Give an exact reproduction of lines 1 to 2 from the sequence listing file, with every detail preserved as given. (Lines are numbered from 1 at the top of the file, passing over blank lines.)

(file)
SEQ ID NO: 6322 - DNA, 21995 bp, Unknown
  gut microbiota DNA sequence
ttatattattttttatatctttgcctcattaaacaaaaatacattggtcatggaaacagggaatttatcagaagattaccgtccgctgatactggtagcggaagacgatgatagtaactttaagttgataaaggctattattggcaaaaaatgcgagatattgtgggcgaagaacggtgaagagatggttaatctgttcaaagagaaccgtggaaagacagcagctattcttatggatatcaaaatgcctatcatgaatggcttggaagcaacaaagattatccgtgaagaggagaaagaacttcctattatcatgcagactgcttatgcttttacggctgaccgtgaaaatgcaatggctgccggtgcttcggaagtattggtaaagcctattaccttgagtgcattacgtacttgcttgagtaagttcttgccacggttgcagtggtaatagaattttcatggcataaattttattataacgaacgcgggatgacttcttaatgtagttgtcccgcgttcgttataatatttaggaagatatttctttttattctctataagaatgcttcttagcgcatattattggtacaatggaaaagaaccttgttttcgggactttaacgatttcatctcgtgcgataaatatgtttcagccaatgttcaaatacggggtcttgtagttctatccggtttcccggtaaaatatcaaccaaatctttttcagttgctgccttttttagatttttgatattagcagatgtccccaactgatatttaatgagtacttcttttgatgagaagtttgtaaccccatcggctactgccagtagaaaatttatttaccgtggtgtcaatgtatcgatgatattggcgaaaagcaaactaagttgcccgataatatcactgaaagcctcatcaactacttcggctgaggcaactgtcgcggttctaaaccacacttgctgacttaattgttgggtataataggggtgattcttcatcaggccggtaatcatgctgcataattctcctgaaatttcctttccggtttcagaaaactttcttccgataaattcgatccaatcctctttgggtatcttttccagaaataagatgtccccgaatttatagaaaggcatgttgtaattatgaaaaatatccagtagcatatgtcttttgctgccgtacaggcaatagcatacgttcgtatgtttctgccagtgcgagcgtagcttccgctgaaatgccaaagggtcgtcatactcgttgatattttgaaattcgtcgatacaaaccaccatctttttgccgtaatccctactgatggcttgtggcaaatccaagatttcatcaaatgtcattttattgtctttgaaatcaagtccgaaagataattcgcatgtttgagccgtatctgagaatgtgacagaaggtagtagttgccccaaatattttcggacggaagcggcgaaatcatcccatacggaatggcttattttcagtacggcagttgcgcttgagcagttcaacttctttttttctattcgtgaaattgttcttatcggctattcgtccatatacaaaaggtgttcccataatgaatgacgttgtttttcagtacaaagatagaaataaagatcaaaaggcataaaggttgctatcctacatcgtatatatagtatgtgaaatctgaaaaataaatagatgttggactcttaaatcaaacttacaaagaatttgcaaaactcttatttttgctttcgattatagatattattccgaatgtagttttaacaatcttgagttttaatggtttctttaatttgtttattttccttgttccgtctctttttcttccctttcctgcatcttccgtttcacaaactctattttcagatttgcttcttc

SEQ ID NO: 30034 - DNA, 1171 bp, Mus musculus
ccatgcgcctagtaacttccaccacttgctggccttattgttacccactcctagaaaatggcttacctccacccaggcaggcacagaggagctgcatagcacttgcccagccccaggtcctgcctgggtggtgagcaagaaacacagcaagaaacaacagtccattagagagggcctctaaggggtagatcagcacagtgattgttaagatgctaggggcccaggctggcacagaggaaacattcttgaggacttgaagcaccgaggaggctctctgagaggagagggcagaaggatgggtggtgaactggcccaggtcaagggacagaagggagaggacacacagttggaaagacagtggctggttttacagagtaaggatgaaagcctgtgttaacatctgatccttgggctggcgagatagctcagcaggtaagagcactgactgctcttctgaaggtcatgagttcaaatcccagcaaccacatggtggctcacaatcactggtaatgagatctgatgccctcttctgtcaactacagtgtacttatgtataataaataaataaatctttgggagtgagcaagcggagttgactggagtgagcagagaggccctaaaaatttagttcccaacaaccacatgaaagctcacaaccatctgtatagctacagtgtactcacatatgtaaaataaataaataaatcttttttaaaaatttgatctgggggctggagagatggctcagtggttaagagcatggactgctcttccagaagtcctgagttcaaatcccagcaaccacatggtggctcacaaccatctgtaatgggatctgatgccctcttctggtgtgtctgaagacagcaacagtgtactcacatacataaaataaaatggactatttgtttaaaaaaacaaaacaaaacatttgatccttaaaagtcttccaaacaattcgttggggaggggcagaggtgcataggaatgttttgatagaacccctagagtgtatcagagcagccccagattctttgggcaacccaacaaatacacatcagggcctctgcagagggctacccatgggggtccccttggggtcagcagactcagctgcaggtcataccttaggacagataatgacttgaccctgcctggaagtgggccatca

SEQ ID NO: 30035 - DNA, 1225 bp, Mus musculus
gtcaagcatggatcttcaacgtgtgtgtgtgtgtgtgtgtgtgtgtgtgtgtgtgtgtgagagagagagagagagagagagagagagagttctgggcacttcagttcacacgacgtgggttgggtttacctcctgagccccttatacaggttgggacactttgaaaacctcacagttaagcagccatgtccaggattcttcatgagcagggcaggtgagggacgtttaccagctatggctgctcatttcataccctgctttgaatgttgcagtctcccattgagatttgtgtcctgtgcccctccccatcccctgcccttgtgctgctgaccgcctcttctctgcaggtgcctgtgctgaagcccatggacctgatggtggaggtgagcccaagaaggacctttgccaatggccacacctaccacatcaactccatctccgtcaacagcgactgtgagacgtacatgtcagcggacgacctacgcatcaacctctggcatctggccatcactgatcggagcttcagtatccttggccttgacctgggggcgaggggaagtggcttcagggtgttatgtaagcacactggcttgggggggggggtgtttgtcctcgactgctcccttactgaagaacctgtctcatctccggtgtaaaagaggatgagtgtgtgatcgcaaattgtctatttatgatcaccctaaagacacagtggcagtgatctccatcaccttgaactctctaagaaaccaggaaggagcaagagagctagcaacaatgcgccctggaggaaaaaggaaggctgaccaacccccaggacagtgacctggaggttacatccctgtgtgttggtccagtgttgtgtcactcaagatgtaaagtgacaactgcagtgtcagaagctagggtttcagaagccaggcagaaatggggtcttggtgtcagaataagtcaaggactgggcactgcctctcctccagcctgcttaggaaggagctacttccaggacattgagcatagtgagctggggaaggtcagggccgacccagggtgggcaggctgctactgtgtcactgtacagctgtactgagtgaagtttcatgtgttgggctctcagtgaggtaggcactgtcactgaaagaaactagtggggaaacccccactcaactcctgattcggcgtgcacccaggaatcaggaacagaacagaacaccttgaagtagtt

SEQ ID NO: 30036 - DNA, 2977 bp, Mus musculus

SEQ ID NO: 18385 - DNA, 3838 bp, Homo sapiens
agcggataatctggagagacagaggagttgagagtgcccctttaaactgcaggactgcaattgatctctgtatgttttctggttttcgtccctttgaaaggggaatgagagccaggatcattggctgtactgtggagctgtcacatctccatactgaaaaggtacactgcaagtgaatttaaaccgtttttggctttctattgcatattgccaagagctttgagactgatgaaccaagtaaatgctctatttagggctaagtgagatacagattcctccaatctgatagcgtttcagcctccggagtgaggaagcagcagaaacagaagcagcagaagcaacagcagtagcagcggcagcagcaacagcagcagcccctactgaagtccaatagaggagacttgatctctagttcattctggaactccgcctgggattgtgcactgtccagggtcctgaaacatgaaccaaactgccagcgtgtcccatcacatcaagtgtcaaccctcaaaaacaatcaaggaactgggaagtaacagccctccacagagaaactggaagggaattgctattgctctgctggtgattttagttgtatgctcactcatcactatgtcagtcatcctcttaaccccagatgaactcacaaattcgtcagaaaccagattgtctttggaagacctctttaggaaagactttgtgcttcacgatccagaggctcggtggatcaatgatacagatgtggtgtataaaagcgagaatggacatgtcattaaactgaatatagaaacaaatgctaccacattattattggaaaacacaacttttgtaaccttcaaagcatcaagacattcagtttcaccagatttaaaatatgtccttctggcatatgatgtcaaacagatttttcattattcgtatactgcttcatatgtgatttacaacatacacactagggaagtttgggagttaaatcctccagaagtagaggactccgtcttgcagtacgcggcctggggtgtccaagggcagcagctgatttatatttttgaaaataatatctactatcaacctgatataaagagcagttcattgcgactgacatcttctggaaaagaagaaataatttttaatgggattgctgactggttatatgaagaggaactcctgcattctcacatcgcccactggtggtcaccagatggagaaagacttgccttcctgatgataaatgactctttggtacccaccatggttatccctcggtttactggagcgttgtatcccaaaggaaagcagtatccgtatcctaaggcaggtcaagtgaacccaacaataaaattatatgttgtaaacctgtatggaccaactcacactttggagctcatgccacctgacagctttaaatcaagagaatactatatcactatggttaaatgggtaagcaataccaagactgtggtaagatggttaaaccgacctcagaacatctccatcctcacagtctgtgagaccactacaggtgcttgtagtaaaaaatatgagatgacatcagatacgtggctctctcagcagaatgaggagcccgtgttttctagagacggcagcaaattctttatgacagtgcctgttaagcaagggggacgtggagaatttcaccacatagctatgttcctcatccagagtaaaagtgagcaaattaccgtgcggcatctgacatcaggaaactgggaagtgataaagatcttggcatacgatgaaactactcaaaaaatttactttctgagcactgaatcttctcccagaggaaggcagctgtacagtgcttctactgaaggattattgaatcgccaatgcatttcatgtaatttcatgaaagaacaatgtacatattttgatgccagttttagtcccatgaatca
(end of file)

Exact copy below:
SEQ ID NO: 6322 - DNA, 21995 bp, Unknown
  gut microbiota DNA sequence